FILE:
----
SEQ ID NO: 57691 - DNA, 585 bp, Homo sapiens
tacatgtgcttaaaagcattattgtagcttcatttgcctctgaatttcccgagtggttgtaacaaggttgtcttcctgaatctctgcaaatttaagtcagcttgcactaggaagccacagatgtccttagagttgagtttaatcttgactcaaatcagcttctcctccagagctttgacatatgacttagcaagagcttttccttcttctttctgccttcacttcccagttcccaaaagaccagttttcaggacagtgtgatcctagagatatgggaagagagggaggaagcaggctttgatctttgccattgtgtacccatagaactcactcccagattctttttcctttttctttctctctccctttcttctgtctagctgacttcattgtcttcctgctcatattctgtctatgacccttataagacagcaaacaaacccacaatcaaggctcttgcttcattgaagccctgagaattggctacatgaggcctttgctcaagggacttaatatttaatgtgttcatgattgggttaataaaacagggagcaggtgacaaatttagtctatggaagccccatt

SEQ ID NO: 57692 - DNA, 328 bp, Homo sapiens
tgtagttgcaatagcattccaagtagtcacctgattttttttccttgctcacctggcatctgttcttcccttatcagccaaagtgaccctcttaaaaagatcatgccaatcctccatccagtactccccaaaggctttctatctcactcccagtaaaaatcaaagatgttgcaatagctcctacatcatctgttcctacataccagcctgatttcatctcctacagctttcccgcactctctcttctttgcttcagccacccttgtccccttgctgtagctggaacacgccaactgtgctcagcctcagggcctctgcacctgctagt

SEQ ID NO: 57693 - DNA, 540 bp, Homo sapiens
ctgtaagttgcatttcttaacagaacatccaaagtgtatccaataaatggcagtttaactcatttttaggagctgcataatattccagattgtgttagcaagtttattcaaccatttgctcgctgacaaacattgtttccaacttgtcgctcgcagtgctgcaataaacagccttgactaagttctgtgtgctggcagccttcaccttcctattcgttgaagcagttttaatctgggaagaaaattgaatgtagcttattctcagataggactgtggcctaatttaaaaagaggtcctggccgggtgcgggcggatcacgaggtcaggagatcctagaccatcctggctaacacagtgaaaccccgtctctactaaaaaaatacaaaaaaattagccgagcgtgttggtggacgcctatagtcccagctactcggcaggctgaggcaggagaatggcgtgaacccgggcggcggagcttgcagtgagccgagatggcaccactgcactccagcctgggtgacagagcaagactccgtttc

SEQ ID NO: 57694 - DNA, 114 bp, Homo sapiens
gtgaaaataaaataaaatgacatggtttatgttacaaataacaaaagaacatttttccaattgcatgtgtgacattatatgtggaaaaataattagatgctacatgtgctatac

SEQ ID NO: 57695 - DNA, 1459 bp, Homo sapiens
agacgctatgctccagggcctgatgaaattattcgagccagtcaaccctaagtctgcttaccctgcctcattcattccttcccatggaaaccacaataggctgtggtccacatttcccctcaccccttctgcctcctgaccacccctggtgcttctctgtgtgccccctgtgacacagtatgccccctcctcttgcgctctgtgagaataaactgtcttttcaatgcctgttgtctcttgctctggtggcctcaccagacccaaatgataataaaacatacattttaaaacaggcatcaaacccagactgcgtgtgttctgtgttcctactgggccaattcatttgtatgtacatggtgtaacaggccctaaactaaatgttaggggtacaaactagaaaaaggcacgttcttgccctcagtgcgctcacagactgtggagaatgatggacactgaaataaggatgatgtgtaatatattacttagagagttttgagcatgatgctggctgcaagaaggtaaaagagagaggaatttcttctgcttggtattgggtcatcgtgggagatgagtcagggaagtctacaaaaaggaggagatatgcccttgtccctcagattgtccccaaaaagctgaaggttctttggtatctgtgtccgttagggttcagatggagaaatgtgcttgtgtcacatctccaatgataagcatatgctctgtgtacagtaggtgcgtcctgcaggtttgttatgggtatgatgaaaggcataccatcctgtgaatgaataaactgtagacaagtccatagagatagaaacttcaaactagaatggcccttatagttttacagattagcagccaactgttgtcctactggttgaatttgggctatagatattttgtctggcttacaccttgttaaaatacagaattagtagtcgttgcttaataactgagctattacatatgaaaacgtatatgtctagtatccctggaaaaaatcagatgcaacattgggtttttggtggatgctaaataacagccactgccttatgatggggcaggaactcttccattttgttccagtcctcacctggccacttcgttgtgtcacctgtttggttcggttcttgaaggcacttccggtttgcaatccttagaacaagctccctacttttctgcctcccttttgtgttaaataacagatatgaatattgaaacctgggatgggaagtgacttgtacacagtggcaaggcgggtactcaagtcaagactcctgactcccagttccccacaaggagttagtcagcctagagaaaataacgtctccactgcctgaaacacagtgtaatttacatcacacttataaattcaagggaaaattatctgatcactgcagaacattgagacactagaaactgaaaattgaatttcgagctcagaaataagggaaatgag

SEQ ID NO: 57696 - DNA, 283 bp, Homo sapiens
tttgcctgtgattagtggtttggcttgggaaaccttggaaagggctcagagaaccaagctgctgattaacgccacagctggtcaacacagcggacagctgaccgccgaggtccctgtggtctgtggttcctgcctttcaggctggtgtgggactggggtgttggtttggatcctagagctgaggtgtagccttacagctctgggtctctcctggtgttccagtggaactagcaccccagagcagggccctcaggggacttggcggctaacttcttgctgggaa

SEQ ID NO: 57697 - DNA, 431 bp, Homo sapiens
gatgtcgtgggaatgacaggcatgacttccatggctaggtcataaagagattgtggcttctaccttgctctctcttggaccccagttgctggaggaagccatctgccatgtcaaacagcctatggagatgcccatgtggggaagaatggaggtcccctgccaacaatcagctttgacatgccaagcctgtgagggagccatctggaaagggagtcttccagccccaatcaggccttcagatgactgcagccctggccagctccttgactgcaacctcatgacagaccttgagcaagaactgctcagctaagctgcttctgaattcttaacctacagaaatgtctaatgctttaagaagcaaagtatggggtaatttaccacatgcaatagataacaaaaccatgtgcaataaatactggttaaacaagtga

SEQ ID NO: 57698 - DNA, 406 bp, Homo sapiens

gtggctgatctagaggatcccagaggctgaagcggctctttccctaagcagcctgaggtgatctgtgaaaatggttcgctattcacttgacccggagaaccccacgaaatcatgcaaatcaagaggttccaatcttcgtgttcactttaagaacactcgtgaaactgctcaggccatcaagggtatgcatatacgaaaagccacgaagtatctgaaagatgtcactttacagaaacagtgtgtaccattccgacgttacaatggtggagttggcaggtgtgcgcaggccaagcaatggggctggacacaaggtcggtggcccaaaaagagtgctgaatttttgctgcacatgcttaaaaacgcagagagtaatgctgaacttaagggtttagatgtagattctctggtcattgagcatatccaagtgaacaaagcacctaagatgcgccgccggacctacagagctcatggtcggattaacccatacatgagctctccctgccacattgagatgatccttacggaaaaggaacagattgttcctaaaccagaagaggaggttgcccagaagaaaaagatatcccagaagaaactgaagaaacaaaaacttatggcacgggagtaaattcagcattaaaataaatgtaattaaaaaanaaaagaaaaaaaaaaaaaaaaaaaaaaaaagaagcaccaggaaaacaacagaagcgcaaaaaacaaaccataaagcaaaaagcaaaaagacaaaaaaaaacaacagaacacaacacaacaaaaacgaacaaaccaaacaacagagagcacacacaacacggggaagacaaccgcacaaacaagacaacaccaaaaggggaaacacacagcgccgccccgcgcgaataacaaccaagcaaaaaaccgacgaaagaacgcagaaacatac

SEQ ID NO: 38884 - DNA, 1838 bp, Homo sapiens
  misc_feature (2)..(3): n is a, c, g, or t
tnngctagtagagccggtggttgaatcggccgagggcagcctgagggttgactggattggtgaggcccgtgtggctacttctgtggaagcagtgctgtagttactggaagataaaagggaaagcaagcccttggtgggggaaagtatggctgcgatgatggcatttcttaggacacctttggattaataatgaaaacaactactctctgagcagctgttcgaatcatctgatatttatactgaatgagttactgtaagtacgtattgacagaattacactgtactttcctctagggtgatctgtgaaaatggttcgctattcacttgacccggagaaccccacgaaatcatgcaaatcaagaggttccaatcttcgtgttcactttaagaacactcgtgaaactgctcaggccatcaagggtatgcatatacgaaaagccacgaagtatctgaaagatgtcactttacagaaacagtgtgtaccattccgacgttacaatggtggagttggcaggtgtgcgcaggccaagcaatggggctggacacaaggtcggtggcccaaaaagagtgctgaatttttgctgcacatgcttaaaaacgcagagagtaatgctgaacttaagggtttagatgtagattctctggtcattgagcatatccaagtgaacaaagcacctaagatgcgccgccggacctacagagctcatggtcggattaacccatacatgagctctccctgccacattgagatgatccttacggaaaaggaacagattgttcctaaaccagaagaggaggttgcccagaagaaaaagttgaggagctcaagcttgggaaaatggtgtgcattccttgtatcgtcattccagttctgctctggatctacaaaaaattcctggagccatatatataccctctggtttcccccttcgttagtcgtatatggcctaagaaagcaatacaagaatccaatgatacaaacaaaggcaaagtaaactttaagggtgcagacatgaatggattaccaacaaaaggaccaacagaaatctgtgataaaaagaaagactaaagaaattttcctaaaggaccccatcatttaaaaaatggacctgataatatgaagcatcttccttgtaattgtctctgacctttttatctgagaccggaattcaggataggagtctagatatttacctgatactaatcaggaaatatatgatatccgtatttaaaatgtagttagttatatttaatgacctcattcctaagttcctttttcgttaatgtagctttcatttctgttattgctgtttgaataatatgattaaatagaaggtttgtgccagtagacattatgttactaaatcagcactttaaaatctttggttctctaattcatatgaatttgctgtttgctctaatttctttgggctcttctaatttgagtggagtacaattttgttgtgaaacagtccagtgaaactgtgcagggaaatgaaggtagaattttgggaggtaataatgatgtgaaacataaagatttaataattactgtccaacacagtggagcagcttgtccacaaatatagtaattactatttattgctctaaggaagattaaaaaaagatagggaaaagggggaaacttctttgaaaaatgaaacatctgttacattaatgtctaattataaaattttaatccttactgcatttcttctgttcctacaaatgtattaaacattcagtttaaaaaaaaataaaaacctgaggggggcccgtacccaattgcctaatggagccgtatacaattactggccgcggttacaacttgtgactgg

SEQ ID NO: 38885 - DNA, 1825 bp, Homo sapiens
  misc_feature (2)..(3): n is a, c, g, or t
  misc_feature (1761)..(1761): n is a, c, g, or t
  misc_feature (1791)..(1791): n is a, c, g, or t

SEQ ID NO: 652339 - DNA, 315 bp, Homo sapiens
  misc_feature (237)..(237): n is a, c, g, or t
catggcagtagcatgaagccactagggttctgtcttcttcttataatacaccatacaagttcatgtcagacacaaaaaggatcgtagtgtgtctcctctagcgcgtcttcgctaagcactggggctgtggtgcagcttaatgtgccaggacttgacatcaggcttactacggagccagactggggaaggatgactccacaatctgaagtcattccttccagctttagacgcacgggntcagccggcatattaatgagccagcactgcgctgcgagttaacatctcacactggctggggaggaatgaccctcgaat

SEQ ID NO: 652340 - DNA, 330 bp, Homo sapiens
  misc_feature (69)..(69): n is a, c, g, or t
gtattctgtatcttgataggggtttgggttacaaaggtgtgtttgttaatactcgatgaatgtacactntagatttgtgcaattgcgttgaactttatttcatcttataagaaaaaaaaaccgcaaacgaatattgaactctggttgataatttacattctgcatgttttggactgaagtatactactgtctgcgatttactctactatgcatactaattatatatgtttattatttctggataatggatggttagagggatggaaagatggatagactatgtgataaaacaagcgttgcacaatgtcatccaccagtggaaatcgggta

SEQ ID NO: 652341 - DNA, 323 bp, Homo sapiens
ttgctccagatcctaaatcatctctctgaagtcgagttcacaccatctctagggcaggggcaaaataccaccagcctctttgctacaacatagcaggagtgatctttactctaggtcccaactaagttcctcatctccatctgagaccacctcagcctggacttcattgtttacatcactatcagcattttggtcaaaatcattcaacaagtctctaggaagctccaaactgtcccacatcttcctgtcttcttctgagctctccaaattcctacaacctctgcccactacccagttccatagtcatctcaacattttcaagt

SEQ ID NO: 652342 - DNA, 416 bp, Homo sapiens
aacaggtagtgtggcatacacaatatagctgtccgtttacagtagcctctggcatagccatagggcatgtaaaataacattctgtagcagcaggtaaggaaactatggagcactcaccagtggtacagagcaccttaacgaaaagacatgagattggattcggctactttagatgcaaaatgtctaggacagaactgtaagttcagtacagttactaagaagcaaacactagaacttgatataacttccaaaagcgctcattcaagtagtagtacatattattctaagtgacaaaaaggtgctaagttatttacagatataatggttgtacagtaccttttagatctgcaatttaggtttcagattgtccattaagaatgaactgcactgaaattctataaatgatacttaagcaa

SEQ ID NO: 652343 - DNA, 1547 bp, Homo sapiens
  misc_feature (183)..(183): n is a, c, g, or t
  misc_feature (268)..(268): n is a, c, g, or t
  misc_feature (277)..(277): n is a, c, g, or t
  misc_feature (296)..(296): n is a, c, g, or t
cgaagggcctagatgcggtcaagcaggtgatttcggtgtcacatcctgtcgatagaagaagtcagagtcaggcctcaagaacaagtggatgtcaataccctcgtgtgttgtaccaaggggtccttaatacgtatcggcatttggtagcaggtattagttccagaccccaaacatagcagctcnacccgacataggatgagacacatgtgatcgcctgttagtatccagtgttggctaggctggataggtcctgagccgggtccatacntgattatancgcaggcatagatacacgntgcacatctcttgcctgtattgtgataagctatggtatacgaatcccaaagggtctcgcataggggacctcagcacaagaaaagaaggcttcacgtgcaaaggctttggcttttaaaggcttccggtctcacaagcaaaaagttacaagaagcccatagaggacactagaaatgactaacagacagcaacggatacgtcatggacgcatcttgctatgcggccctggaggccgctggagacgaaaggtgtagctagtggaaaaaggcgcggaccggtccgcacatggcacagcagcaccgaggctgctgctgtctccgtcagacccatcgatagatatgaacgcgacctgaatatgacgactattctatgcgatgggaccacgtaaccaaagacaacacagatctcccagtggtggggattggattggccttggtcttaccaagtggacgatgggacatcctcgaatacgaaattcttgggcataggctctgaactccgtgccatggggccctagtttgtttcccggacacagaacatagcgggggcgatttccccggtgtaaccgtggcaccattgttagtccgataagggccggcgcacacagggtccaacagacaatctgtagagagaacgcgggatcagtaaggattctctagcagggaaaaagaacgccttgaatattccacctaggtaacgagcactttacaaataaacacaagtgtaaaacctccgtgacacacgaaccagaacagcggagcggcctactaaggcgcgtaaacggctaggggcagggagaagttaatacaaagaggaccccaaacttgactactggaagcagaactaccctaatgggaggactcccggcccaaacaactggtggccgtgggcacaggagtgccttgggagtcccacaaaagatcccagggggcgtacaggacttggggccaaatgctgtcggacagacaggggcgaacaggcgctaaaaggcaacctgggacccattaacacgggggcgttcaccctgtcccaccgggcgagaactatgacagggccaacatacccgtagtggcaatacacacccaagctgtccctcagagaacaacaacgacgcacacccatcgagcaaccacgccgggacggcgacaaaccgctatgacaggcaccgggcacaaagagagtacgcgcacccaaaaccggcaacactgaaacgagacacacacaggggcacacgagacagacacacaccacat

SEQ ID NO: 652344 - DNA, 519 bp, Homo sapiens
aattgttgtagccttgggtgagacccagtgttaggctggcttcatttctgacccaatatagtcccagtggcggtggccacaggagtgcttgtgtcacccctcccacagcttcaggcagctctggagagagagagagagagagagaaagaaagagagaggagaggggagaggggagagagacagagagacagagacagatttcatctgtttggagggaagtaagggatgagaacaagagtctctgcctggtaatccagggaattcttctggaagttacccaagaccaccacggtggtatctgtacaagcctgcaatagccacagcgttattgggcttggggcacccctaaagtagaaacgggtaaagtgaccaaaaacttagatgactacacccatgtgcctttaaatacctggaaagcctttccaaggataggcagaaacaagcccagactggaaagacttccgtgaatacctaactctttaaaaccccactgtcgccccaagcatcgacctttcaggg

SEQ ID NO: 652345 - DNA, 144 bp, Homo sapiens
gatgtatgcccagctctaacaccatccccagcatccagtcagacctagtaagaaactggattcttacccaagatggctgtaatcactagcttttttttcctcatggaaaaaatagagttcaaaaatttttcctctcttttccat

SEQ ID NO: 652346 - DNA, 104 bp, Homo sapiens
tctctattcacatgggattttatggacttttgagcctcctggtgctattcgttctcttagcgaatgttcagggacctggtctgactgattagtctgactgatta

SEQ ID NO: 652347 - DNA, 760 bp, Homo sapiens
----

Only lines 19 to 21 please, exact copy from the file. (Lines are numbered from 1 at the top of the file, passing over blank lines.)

tnngctagtagagccggtggttgaatcggccgagggcagcctgagggttgactggattggtgaggcccgtgtggctacttctgtggaagcagtgctgtagttactggaagataaaagggaaagcaagcccttggtgggggaaagtatggctgcgatgatggcatttcttaggacacctttggattaataatgaaaacaactactctctgagcagctgttcgaatcatctgatatttatactgaatgagttactgtaagtacgtattgacagaattacactgtactttcctctagggtgatctgtgaaaatggttcgctattcacttgacccggagaaccccacgaaatcatgcaaatcaagaggttccaatcttcgtgttcactttaagaacactcgtgaaactgctcaggccatcaagggtatgcatatacgaaaagccacgaagtatctgaaagatgtcactttacagaaacagtgtgtaccattccgacgttacaatggtggagttggcaggtgtgcgcaggccaagcaatggggctggacacaaggtcggtggcccaaaaagagtgctgaatttttgctgcacatgcttaaaaacgcagagagtaatgctgaacttaagggtttagatgtagattctctggtcattgagcatatccaagtgaacaaagcacctaagatgcgccgccggacctacagagctcatggtcggattaacccatacatgagctctccctgccacattgagatgatccttacggaaaaggaacagattgttcctaaaccagaagaggaggttgcccagaagaaaaagttgaggagctcaagcttgggaaaatggtgtgcattccttgtatcgtcattccagttctgctctggatctacaaaaaattcctggagccatatatataccctctggtttcccccttcgttagtcgtatatggcctaagaaagcaatacaagaatccaatgatacaaacaaaggcaaagtaaactttaagggtgcagacatgaatggattaccaacaaaaggaccaacagaaatctgtgataaaaagaaagactaaagaaattttcctaaaggaccccatcatttaaaaaatggacctgataatatgaagcatcttccttgtaattgtctctgacctttttatctgagaccggaattcaggataggagtctagatatttacctgatactaatcaggaaatatatgatatccgtatttaaaatgtagttagttatatttaatgacctcattcctaagttcctttttcgttaatgtagctttcatttctgttattgctgtttgaataatatgattaaatagaaggtttgtgccagtagacattatgttactaaatcagcactttaaaatctttggttctctaattcatatgaatttgctgtttgctctaatttctttgggctcttctaatttgagtggagtacaattttgttgtgaaacagtccagtgaaactgtgcagggaaatgaaggtagaattttgggaggtaataatgatgtgaaacataaagatttaataattactgtccaacacagtggagcagcttgtccacaaatatagtaattactatttattgctctaaggaagattaaaaaaagatagggaaaagggggaaacttctttgaaaaatgaaacatctgttacattaatgtctaattataaaattttaatccttactgcatttcttctgttcctacaaatgtattaaacattcagtttaaaaaaaaataaaaacctgaggggggcccgtacccaattgcctaatggagccgtatacaattactggccgcggttacaacttgtgactgg

SEQ ID NO: 38885 - DNA, 1825 bp, Homo sapiens
  misc_feature (2)..(3): n is a, c, g, or t